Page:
Everything was being made ready, Bourgmont resumed his march on the 25th. Besides his Indian allies, he was accompanied by M. de St. Ange, an officer; Sieur Renaudiere, engineer of mines; Sieur du Bois, sergeant; Sieur de Beloin, cadet; Rotisseau, corporal; nine French soldiers; three Canadians, and two employees of Renaudiere. On July 31, when within ten days' journey of the Padouca villages, Bourgmont became too ill to retain his seat in the saddle. A litter was constructed and he was carried for some distance in it, but his illness increasing, he was forced to discontinue his march. In this emergency he decided to send a Padouca woman, who had been a slave among the Canzes, and a boy of sixteen or seventeen years of age to inform the Padoucas that he was on his way, but was ill, and that he would be with them as soon as he was able.

Gaillard, one of the soldiers, volunteered to conduct the woman and boy to the Padoucas. Bourgmont gave him a letter to the Spanish (in case he met them), and also a letter in Latin to the chaplain. Gaillard was instructed to bring the Padouca chiefs to meet Bourgmont, and in case they declined to come to wait at their villages until his arrival. A few days later Bourgmont decided to return to Fort Orleans, where on Sept. 6 he received a letter from Sergt. du Lois advising him of Gaillard's arrival among the Padoucas on Aug. 25.

Having recovered his health, Bourgmont again left Fort Orleans on Sept. 20 and arrived at the Canzes village on the 27th. On Oct. 2 Gaillard arrived at the camp with three Padouca chiefs and three warriors, and reported some 60 others four days' distant. On the 8th the expedition left the Canzes village, moved up the valley of the Kansas river, and on the 18th reached the Padoucas. The next day the chiefs of that tribe were called together, Bourgmont made a speech to them, distributed presents, and concluded a treaty of peace. On the 22nd he set out on his return to Fort Orleans, where he arrived on Nov. 5.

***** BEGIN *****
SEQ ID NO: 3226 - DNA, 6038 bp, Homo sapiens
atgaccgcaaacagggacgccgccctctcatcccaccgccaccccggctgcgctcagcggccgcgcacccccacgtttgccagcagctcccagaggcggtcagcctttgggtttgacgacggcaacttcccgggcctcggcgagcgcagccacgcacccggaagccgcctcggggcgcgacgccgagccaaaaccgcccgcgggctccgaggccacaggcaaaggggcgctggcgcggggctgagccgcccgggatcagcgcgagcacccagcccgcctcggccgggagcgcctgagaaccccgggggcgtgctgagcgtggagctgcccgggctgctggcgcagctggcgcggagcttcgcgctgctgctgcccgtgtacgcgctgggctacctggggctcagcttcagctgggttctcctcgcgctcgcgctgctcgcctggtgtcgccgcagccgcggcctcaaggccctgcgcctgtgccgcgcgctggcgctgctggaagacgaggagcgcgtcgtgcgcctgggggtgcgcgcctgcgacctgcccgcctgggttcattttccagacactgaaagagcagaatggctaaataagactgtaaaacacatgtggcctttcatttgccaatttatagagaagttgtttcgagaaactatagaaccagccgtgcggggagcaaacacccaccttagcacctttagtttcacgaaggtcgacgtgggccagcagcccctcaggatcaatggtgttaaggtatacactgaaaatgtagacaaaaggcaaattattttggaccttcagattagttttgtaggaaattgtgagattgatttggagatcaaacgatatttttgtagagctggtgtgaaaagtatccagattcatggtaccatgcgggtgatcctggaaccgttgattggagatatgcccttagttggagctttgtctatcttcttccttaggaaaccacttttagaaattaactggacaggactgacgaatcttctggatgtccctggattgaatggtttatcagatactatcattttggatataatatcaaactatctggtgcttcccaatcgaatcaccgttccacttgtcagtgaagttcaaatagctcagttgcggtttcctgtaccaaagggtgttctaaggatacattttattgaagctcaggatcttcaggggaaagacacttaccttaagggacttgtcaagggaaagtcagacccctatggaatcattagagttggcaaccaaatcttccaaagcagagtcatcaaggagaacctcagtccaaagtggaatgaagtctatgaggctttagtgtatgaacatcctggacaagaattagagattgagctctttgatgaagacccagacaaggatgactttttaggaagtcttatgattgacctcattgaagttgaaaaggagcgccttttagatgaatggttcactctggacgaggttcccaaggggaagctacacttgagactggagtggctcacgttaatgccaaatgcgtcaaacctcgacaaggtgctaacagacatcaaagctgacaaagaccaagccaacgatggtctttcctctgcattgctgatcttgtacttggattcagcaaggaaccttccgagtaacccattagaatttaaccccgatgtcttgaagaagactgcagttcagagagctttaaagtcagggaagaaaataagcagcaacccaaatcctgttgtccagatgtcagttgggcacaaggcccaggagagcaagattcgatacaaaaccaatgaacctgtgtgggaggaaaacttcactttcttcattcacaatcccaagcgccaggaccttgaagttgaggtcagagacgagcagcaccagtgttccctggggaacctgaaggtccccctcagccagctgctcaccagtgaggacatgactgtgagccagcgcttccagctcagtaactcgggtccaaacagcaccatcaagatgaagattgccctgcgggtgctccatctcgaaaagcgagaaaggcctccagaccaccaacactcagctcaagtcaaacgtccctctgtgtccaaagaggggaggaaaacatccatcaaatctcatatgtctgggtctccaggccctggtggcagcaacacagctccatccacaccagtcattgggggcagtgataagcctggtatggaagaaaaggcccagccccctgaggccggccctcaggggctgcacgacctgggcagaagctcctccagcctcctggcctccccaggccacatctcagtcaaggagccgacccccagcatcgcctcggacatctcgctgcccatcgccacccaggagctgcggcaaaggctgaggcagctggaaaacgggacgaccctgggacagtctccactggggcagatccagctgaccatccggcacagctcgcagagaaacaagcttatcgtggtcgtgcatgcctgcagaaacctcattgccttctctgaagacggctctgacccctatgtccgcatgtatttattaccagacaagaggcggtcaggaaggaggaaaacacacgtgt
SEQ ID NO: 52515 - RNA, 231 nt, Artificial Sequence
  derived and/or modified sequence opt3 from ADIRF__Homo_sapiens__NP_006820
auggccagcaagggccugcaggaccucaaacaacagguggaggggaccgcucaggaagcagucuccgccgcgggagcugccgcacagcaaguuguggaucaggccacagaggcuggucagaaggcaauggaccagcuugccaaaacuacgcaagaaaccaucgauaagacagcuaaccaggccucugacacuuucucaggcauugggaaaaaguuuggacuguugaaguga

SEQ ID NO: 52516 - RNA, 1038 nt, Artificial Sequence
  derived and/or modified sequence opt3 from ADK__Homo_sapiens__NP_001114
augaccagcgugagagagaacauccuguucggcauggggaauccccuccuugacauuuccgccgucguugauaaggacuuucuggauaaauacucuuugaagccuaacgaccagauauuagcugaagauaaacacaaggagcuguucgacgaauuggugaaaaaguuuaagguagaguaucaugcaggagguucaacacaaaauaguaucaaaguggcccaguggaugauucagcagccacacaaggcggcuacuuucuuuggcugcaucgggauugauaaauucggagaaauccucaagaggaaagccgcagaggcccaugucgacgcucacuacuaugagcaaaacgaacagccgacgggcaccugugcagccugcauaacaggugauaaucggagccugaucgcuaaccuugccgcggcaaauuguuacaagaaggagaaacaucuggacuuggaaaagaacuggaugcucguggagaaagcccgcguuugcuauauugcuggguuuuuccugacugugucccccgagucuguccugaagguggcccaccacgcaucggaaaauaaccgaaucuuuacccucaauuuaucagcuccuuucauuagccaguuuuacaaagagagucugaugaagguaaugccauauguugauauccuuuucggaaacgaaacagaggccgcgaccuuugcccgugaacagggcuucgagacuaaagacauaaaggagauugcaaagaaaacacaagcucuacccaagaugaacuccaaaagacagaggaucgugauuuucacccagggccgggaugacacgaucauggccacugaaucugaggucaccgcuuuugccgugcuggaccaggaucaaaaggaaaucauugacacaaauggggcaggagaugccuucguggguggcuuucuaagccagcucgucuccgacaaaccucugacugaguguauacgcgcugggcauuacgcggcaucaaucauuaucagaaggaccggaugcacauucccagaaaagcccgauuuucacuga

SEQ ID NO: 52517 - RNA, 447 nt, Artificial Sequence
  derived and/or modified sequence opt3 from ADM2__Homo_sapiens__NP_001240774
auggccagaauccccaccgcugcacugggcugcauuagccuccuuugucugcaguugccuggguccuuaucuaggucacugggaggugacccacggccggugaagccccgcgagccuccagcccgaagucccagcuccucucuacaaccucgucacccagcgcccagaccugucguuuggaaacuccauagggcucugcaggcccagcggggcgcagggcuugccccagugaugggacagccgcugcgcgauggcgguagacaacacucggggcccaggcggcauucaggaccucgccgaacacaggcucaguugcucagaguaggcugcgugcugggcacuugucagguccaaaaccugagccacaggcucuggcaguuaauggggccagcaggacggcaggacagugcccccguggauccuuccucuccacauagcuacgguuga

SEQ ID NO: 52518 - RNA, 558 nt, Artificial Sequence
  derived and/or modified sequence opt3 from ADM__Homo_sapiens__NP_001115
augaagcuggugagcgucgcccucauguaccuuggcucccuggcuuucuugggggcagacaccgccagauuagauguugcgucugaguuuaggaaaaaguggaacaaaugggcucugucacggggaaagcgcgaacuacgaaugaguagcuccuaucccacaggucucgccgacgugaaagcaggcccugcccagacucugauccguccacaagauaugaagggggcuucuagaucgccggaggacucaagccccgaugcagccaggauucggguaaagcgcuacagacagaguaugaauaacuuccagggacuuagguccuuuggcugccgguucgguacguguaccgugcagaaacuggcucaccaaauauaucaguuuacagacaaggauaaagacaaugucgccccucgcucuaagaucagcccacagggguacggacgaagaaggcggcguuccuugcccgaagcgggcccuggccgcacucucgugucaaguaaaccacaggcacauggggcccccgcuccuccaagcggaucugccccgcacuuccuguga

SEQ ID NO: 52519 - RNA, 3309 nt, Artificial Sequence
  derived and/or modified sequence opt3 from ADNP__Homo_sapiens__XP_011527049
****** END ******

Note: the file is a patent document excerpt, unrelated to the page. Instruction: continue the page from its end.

Franklin G. Adams, for many years secretary of the Kansas Historical Society, and George J. Remsburg, an acknowledged authority on the archaeology of the Missouri valley, think that the Canzes village mentioned in Bourgmont's journal was located near the present town of Doniphan, in Doniphan county, Kan. A map of the expedition in Volume IX, Kansas Historical Collections, shows this place to the starting point west of the Missouri, whence the expedition moved southwest to the Kansas river, which was crossed near the northwest corner of the present Shawnee county; thence up the south bank of the Kansas and Smoky Hill rivers, crossing the latter near the mouth of the Saline; thence following the Saline to the Padouca villages in the northern part of what is now Ellis county.

Who were the Padoucas? Parrish, in his account of the expedition, speaks of them as the Comanches, and this may he correct. On a map published in 1757, in connection with Du Pratz's History of Louisiana, the country of the Padoucas is shown extending from the headwaters of the Republican to south of the Arkansas, the great village of the tribe being located near the source of the Smoky Hill. Other authorities say that "Padoucas" was the Siouan name for the Comanches, a branch of the Shoshones. The Comanches were a "buffalo nomad" tribe that ranged from the Platte to Mexico.

The theory that the Bourgmont expedition was the sequel of some Spanish expedition massacred by the Indians is hardly tenable, when it is carefully considered in the light of known facts. The Villazur expedition, the only Spanish expedition of 1720 of which there is any authentic record, was massacred on Aug. 16, while Bourgmont's commission bore date of Aug. 12, 1720, four days before the massacre occurred. It is far more likely that Bourgmont was sent out—just as other explorers of that day were sent out—with the general view of establishing amicable relations with the Indians and thereby profit by the fur trade, etc.

Pages 226-228 from volume I of Kansas: a cyclopedia of state history, embracing events, institutions, industries, counties, cities, towns, prominent persons, etc. ... / with a supplementary volume devoted to selected personal history and reminiscence. Standard Pub. Co. Chicago : 1912. 3 v. in 4. : front., ill., ports.; 28 cm. Vols. I-II edited by Frank W. Blackmar. Transcribed May 2002 by Carolyn Ward.